Research Areas and Labs
Dr. Janet Englund’s COVID-19 Research
The Seattle Children’s Pediatric Infectious Disease Research Group, directed by Dr. Janet Englund, continues to study SARS-CoV-2, the virus causing the disease known as COVID-19. Dr. Englund’s group is working with researchers at the Centers for Disease Control and Prevention and the Seattle Flu Study to better understand COVID-19 in children and teenagers.
COVID-19 Vaccine Clinical Trials in Children
We are doing a COVID-19 vaccine research study for children between the ages of 6 months and 11 years. The Seattle Children’s Pediatric Infectious Disease Research Group is working with the company Pfizer to conduct this study. See the study flyer.
Dr. Englund’s research team may be reached at: IDResearch@seattlechildrens.org
Investigating the Virus That Causes COVID-19
Research led by Dr. Englund on the COVID-19 immune response among children shows that children can make good antibody responses to the SARS-CoV-2 virus following infection. More than 100 children have enrolled in the study to date. Dr. Englund’s group also has found that about 3% of children receiving care at Seattle Children’s Hospital for non-COVID related issues have previously been infected with the virus that causes COVID-19.
Dr. Englund's team is leading research to better understand the virus that causes COVID-19:
- Children infected with SARS-CoV-2 can make antibodies that can neutralize the virus and are likely to have a protective effect against COVID-19.
- Home testing to detect respiratory viruses in early 2020 led to the first documented U.S. case of community transmission of SARS-CoV-2 at the time.
- Home-based surveillance using online participant enrollment and specimen self-collection is a safe and feasible method for community-level monitoring of influenza and other respiratory pathogens, which can readily be adapted for use during pandemics.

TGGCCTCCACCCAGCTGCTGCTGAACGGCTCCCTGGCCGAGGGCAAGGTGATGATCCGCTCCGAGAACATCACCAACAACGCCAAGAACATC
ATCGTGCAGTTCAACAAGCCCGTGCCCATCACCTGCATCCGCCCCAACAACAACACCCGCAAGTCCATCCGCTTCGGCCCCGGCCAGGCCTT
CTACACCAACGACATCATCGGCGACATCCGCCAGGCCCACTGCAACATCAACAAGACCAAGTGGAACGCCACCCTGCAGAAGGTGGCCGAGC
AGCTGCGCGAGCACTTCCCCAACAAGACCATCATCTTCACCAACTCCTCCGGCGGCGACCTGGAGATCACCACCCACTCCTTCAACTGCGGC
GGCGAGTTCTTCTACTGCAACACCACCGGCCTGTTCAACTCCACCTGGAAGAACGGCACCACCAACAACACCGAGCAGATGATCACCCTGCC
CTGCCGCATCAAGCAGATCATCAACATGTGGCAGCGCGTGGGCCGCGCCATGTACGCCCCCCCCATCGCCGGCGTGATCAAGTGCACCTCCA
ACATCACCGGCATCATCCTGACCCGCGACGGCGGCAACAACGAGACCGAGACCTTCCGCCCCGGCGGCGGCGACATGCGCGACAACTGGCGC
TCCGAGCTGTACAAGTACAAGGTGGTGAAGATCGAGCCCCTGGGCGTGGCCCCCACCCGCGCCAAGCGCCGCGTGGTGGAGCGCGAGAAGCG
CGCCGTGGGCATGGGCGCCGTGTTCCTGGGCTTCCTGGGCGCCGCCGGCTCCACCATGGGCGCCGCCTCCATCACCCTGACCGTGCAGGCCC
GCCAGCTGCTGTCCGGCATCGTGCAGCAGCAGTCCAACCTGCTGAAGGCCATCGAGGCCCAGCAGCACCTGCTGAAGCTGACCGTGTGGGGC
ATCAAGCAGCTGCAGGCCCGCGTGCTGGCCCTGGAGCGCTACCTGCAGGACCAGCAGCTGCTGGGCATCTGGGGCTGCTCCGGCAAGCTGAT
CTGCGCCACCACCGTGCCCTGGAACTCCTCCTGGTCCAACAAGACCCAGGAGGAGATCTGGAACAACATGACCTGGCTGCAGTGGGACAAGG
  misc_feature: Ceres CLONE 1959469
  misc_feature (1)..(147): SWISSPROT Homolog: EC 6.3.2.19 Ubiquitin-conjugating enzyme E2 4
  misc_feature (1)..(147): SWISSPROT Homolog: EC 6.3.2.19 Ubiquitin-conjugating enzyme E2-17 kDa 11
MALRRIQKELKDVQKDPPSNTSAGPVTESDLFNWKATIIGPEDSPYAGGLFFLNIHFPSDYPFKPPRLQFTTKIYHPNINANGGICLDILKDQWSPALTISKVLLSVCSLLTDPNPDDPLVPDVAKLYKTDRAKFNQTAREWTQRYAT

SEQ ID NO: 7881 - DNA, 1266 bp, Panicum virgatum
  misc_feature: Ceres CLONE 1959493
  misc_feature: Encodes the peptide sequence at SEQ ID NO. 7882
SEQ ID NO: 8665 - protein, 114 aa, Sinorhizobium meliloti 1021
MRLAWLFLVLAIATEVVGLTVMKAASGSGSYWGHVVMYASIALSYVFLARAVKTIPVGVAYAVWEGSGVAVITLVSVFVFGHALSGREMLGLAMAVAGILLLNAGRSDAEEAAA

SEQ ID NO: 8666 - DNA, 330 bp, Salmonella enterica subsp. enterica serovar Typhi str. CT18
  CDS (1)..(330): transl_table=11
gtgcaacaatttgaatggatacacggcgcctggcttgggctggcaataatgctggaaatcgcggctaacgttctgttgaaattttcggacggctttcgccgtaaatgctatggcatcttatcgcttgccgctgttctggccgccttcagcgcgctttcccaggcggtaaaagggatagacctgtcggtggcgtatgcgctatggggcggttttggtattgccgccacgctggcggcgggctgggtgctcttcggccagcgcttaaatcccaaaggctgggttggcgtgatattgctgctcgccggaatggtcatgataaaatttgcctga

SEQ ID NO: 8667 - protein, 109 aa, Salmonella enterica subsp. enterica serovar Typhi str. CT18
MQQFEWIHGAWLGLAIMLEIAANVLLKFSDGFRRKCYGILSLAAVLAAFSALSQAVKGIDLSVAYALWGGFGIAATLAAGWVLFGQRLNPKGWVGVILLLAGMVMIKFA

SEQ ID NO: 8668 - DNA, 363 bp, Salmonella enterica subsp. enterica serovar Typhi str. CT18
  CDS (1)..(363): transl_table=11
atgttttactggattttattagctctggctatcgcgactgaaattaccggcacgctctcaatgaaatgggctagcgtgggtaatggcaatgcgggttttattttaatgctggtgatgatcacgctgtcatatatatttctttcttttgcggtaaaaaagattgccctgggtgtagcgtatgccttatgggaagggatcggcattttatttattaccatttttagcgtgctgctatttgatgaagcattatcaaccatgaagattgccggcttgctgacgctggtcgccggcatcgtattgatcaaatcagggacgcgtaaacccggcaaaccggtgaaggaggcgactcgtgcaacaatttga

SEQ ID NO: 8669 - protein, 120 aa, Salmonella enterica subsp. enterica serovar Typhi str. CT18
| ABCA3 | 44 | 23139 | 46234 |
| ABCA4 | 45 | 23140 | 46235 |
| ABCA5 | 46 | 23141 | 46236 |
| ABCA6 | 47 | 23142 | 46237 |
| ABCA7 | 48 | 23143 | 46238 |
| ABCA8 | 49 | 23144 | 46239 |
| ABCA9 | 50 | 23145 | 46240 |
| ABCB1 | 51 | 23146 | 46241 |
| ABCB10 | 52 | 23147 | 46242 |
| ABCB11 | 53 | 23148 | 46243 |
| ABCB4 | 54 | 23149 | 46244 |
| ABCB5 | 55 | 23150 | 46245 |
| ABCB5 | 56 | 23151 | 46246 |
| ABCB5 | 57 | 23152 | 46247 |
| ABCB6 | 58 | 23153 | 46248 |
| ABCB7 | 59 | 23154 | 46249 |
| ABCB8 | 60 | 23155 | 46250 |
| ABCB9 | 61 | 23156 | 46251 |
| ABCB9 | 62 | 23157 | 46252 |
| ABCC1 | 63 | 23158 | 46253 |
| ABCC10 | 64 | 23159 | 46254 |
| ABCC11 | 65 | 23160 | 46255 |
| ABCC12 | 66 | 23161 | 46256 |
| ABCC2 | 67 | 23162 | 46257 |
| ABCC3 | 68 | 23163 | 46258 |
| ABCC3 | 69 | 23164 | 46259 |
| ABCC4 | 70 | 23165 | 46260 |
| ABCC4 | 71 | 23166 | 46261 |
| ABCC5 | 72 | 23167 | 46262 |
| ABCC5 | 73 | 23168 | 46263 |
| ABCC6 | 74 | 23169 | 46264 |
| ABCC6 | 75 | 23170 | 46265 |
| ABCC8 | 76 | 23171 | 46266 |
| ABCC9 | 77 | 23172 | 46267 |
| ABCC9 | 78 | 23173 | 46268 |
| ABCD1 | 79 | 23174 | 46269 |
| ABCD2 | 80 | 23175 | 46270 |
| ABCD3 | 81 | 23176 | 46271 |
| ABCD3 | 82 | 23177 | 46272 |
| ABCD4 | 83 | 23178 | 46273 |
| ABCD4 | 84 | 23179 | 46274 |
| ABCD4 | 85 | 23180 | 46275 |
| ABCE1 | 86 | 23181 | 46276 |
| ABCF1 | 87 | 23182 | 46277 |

- What happened to influenza during the pandemic?
Dr. Janet Englund is a professor of infectious diseases in the Department of Pediatrics at the University of Washington School of Medicine and a principal investigator at the Center for Clinical and Translational Research at Seattle Children’s. Her research interests include the study of vaccine-preventable diseases and viral respiratory diseases in young children and immunocompromised hosts, including transplant recipients. She studies new viral vaccines and novel methods of antiviral therapy for respiratory viruses including influenza, adenovirus, parainfluenza viruses, respiratory syncytial virus (RSV) and SARS-CoV-2, the virus that causes COVID-19.
As a leader in the field of infectious diseases, respiratory viruses, and infections in children, Dr. Englund is interested in assessing the epidemiology of the study of viral infections and assessing vaccine effectiveness. Dr. Englund is part of the New Vaccine Surveillance Network of the Centers for Disease Control and Prevention, participating in respiratory and gastrointestinal viral surveillance in collaboration with Dr. Eileen Klein to direct protocol development and patient enrollment to assess viral epidemiology and vaccine effectiveness for acute respiratory and gastrointestinal disease. Dr. Englund’s research group also is actively involved in the follow-up of pregnant women and a longitudinal study of children infected with SARS-CoV-2.
Over the past 30 years, Dr. Englund has had extensive experience in initiating, managing, and analyzing clinical trials, vaccine studies, and national and international research protocols, in addition to a track record for successful collaborative research. She has held leadership roles in multicenter, federally sponsored networks and research trial units, including the NIH-sponsored AIDS Clinical Trials Unit, the Vaccine Treatment and Evaluation Unit, and New Vaccine Surveillance Network. Her interest in protecting patients from viral diseases has contributed to national and international policies regarding pediatric immunization with rotavirus and papillomavirus vaccines, and maternal immunization with respiratory syncytial virus, influenza and pertussis vaccines. She is enthusiastic about work to further understanding of important respiratory and enteric viral infections and to contribute to controlling the spread of SARS-CoV-2.
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